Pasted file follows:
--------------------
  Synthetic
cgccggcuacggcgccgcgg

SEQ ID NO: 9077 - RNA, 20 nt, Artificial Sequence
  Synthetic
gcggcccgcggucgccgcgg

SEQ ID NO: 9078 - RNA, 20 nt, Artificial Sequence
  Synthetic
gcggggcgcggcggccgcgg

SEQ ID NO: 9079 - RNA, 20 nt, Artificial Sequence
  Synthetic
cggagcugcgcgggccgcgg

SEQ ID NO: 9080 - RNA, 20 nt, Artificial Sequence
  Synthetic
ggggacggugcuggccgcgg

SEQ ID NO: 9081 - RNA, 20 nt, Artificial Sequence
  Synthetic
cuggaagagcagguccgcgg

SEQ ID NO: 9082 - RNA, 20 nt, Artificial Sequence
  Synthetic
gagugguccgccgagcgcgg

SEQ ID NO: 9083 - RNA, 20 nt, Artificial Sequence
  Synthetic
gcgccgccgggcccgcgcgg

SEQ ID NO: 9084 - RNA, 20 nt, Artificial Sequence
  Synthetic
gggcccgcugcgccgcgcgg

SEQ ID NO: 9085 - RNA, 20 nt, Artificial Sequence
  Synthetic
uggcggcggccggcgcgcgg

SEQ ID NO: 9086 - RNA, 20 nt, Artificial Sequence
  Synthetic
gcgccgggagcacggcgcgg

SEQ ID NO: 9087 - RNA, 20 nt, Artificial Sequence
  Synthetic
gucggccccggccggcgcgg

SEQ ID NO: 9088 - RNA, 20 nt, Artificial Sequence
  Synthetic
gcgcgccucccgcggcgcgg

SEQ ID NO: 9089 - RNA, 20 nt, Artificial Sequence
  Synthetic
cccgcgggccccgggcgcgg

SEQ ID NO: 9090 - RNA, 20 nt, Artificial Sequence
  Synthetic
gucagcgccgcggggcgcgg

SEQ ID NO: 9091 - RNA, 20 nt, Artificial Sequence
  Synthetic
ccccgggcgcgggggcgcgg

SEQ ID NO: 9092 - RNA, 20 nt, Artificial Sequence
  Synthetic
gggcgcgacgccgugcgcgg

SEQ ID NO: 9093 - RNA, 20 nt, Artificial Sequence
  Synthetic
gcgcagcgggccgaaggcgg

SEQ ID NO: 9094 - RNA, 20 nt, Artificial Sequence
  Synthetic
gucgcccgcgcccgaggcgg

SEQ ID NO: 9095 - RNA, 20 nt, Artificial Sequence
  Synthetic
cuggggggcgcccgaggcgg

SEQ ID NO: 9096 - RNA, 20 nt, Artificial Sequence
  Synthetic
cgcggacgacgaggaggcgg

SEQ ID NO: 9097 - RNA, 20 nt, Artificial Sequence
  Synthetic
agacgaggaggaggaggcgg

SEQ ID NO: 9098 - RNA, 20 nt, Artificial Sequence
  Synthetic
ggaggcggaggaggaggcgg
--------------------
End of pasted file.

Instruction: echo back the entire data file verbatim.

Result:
  Synthetic
cgccggcuacggcgccgcgg

SEQ ID NO: 9077 - RNA, 20 nt, Artificial Sequence
  Synthetic
gcggcccgcggucgccgcgg

SEQ ID NO: 9078 - RNA, 20 nt, Artificial Sequence
  Synthetic
gcggggcgcggcggccgcgg

SEQ ID NO: 9079 - RNA, 20 nt, Artificial Sequence
  Synthetic
cggagcugcgcgggccgcgg

SEQ ID NO: 9080 - RNA, 20 nt, Artificial Sequence
  Synthetic
ggggacggugcuggccgcgg

SEQ ID NO: 9081 - RNA, 20 nt, Artificial Sequence
  Synthetic
cuggaagagcagguccgcgg

SEQ ID NO: 9082 - RNA, 20 nt, Artificial Sequence
  Synthetic
gagugguccgccgagcgcgg

SEQ ID NO: 9083 - RNA, 20 nt, Artificial Sequence
  Synthetic
gcgccgccgggcccgcgcgg

SEQ ID NO: 9084 - RNA, 20 nt, Artificial Sequence
  Synthetic
gggcccgcugcgccgcgcgg

SEQ ID NO: 9085 - RNA, 20 nt, Artificial Sequence
  Synthetic
uggcggcggccggcgcgcgg

SEQ ID NO: 9086 - RNA, 20 nt, Artificial Sequence
  Synthetic
gcgccgggagcacggcgcgg

SEQ ID NO: 9087 - RNA, 20 nt, Artificial Sequence
  Synthetic
gucggccccggccggcgcgg

SEQ ID NO: 9088 - RNA, 20 nt, Artificial Sequence
  Synthetic
gcgcgccucccgcggcgcgg

SEQ ID NO: 9089 - RNA, 20 nt, Artificial Sequence
  Synthetic
cccgcgggccccgggcgcgg

SEQ ID NO: 9090 - RNA, 20 nt, Artificial Sequence
  Synthetic
gucagcgccgcggggcgcgg

SEQ ID NO: 9091 - RNA, 20 nt, Artificial Sequence
  Synthetic
ccccgggcgcgggggcgcgg

SEQ ID NO: 9092 - RNA, 20 nt, Artificial Sequence
  Synthetic
gggcgcgacgccgugcgcgg

SEQ ID NO: 9093 - RNA, 20 nt, Artificial Sequence
  Synthetic
gcgcagcgggccgaaggcgg

SEQ ID NO: 9094 - RNA, 20 nt, Artificial Sequence
  Synthetic
gucgcccgcgcccgaggcgg

SEQ ID NO: 9095 - RNA, 20 nt, Artificial Sequence
  Synthetic
cuggggggcgcccgaggcgg

SEQ ID NO: 9096 - RNA, 20 nt, Artificial Sequence
  Synthetic
cgcggacgacgaggaggcgg

SEQ ID NO: 9097 - RNA, 20 nt, Artificial Sequence
  Synthetic
agacgaggaggaggaggcgg

SEQ ID NO: 9098 - RNA, 20 nt, Artificial Sequence
  Synthetic
ggaggcggaggaggaggcgg